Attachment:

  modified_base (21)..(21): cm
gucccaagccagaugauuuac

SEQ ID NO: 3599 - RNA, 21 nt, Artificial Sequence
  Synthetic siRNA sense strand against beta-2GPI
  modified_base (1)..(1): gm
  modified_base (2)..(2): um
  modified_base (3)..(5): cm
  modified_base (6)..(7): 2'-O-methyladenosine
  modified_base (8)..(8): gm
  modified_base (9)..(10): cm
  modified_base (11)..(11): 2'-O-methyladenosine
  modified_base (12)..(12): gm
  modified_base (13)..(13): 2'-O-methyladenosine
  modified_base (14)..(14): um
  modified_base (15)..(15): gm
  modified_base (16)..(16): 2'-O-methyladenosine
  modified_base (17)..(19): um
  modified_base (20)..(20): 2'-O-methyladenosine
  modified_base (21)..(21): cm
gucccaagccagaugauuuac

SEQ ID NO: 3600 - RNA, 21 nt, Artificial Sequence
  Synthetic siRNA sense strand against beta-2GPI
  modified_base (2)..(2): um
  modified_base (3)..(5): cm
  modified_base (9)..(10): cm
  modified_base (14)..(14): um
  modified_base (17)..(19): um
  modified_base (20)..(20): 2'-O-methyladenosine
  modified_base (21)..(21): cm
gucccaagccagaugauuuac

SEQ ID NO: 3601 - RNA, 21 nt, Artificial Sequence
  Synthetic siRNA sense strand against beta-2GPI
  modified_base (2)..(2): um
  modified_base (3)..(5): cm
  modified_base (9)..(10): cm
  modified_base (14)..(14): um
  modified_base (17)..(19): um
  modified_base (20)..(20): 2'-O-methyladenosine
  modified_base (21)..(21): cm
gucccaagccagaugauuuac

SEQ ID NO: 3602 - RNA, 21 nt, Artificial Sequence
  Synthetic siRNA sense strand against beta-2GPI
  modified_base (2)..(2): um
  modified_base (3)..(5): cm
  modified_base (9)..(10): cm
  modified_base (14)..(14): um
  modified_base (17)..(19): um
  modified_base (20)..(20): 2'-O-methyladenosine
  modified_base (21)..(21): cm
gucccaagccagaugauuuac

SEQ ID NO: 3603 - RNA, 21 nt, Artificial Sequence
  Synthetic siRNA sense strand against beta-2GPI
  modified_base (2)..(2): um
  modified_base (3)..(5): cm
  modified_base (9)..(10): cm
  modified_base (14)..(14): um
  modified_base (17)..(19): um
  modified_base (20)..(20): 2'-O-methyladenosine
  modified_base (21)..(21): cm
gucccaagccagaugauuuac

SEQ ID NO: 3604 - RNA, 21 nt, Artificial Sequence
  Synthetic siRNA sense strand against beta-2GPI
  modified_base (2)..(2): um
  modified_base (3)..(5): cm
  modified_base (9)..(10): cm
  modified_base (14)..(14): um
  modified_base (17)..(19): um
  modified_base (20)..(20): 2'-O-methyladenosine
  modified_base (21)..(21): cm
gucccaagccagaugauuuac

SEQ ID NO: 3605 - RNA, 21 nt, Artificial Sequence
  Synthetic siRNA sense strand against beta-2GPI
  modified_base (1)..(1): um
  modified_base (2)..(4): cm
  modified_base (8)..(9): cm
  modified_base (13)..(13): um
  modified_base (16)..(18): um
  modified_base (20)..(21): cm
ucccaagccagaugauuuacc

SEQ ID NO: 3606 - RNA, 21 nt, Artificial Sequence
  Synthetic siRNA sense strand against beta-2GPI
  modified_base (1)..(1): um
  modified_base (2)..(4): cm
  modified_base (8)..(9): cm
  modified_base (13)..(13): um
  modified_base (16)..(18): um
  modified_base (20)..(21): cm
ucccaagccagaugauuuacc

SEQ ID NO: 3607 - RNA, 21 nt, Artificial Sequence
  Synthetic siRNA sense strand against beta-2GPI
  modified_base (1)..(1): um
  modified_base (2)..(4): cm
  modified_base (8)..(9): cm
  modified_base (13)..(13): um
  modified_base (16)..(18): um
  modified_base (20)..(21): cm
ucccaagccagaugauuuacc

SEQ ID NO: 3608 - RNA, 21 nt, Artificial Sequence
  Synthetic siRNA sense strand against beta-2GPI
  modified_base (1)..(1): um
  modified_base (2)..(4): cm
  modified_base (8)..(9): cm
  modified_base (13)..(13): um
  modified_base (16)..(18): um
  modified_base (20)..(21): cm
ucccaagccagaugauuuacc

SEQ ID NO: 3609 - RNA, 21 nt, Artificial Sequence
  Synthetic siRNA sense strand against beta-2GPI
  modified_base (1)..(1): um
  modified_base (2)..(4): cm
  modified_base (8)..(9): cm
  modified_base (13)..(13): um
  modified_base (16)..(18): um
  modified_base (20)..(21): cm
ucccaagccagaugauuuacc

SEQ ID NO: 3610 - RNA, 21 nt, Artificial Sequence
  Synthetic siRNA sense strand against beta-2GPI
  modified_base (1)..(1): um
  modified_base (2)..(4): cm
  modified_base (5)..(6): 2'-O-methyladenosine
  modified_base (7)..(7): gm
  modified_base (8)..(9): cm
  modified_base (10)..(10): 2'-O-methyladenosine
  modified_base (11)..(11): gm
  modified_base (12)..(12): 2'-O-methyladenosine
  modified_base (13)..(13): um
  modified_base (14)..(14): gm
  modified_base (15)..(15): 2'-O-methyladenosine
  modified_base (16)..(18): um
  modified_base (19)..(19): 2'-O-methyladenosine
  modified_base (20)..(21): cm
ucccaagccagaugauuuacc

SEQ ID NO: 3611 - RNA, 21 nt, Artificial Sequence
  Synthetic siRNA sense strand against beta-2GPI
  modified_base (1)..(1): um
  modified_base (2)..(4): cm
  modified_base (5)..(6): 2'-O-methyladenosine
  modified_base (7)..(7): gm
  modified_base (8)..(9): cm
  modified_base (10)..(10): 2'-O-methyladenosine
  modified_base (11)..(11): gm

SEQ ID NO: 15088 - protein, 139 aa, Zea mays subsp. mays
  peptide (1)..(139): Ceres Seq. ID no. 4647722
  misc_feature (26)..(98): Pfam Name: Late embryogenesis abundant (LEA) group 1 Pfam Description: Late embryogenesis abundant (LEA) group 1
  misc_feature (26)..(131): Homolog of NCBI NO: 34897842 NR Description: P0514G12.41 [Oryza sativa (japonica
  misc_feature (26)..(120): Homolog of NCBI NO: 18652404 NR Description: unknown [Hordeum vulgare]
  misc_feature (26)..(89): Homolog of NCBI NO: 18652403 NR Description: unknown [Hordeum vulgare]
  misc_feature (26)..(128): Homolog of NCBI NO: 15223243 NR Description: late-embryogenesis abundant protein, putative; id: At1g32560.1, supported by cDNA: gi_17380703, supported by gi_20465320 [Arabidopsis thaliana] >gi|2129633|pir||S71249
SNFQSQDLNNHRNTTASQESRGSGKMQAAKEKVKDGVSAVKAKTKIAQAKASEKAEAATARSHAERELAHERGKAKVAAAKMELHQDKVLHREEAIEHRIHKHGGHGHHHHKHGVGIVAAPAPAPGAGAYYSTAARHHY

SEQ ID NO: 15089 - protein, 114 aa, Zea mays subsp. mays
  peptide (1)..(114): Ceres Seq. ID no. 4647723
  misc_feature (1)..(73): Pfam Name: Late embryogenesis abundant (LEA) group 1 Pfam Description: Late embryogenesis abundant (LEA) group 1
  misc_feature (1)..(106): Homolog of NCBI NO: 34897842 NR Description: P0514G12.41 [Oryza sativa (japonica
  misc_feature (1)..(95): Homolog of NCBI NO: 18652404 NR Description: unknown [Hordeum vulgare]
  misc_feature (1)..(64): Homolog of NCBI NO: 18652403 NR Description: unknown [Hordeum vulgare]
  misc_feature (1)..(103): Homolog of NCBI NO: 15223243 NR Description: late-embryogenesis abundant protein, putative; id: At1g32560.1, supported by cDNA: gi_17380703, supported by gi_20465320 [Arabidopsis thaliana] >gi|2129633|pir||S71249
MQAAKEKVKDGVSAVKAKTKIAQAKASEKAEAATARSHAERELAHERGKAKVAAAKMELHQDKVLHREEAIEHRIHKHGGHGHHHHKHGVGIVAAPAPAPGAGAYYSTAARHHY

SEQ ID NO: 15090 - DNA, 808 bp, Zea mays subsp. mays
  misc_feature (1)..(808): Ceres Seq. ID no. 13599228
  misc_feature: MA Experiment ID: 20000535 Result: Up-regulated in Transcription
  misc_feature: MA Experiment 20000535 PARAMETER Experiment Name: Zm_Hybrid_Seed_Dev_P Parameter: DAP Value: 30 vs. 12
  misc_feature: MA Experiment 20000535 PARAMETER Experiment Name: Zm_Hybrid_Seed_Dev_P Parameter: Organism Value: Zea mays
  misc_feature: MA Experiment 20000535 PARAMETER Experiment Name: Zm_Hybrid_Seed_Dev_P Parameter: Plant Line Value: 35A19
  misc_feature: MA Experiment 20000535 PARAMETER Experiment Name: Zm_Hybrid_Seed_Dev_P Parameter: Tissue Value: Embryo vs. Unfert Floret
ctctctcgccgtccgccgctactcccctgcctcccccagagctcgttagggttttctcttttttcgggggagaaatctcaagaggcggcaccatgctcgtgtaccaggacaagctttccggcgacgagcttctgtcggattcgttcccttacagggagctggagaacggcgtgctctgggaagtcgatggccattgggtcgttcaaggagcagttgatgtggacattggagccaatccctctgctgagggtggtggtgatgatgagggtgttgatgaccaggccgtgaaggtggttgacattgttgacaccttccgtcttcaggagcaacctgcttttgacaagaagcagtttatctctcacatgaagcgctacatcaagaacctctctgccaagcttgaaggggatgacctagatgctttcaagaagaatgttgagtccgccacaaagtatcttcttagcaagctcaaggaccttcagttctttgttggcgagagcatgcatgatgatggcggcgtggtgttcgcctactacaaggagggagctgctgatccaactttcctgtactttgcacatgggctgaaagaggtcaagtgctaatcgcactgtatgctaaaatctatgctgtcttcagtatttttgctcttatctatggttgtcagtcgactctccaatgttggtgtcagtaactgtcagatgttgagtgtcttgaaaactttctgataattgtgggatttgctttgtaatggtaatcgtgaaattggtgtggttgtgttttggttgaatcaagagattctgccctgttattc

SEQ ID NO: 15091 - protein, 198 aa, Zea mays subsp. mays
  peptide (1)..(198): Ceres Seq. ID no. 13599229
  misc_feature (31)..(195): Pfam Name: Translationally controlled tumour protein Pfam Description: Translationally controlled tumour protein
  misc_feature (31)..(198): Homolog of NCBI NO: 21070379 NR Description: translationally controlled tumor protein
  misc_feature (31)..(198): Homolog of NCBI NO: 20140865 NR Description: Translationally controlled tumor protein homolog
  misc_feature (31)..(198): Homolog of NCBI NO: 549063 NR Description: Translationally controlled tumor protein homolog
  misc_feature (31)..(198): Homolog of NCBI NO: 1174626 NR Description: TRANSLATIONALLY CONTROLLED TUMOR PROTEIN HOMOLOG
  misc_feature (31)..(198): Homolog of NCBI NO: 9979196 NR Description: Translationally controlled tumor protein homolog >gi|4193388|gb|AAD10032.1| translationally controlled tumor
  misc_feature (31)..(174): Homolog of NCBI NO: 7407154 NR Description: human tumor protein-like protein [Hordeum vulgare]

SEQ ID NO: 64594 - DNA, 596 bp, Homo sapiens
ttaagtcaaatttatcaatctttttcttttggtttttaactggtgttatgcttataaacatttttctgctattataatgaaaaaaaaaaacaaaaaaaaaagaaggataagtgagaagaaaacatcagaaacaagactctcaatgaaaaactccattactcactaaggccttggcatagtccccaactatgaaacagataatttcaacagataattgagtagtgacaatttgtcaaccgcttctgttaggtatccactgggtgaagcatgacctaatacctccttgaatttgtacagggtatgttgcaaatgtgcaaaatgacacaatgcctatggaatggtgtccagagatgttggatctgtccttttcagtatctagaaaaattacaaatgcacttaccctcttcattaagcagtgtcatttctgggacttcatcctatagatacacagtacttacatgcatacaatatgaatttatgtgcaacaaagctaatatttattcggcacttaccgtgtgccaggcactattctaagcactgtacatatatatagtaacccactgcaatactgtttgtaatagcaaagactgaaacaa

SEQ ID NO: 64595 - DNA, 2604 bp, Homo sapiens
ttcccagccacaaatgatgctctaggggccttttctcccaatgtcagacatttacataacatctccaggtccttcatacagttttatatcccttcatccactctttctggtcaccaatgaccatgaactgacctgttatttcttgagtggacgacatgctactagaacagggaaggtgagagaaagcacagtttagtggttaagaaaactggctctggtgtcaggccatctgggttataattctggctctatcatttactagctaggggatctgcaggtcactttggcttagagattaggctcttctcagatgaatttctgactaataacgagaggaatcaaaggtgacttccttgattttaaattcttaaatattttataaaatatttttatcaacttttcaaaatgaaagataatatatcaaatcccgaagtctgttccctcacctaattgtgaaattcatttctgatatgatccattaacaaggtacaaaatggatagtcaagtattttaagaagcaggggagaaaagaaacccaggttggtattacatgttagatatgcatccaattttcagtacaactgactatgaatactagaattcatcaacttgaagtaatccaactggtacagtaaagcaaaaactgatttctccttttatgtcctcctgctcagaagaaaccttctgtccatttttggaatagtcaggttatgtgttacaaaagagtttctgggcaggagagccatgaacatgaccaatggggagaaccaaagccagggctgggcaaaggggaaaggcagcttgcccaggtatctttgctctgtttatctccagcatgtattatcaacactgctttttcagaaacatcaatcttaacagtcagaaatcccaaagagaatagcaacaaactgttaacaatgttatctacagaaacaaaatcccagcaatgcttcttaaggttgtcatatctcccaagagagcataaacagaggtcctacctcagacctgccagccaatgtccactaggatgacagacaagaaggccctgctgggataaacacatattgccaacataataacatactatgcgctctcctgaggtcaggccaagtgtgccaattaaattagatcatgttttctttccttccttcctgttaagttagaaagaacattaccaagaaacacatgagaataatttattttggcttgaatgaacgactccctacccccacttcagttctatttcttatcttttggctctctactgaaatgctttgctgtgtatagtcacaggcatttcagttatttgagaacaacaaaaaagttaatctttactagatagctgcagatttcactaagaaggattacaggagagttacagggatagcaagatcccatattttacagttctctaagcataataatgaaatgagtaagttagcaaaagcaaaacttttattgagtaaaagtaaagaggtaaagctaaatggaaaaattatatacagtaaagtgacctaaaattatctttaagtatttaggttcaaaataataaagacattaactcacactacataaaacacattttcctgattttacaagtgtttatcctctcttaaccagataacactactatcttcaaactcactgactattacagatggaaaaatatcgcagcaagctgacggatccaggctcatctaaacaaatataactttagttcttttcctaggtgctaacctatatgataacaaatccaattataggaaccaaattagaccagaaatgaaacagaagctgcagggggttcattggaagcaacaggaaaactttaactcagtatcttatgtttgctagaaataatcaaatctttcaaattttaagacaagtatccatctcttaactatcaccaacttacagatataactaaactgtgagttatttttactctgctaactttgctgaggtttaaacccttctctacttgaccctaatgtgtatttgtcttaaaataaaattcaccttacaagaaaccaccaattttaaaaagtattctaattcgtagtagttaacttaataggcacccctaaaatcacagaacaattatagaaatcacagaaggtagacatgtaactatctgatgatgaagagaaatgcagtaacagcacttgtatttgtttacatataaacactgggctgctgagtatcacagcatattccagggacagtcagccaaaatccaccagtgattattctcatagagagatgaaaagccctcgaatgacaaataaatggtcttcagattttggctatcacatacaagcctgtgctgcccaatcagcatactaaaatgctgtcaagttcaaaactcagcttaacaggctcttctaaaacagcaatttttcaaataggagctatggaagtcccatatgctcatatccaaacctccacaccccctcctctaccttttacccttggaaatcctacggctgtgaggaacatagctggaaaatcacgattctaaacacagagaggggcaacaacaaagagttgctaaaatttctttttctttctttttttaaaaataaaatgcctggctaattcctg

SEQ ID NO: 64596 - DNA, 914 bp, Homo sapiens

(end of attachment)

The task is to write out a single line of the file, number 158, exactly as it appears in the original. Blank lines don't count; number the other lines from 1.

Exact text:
SEQ ID NO: 15090 - DNA, 808 bp, Zea mays subsp. mays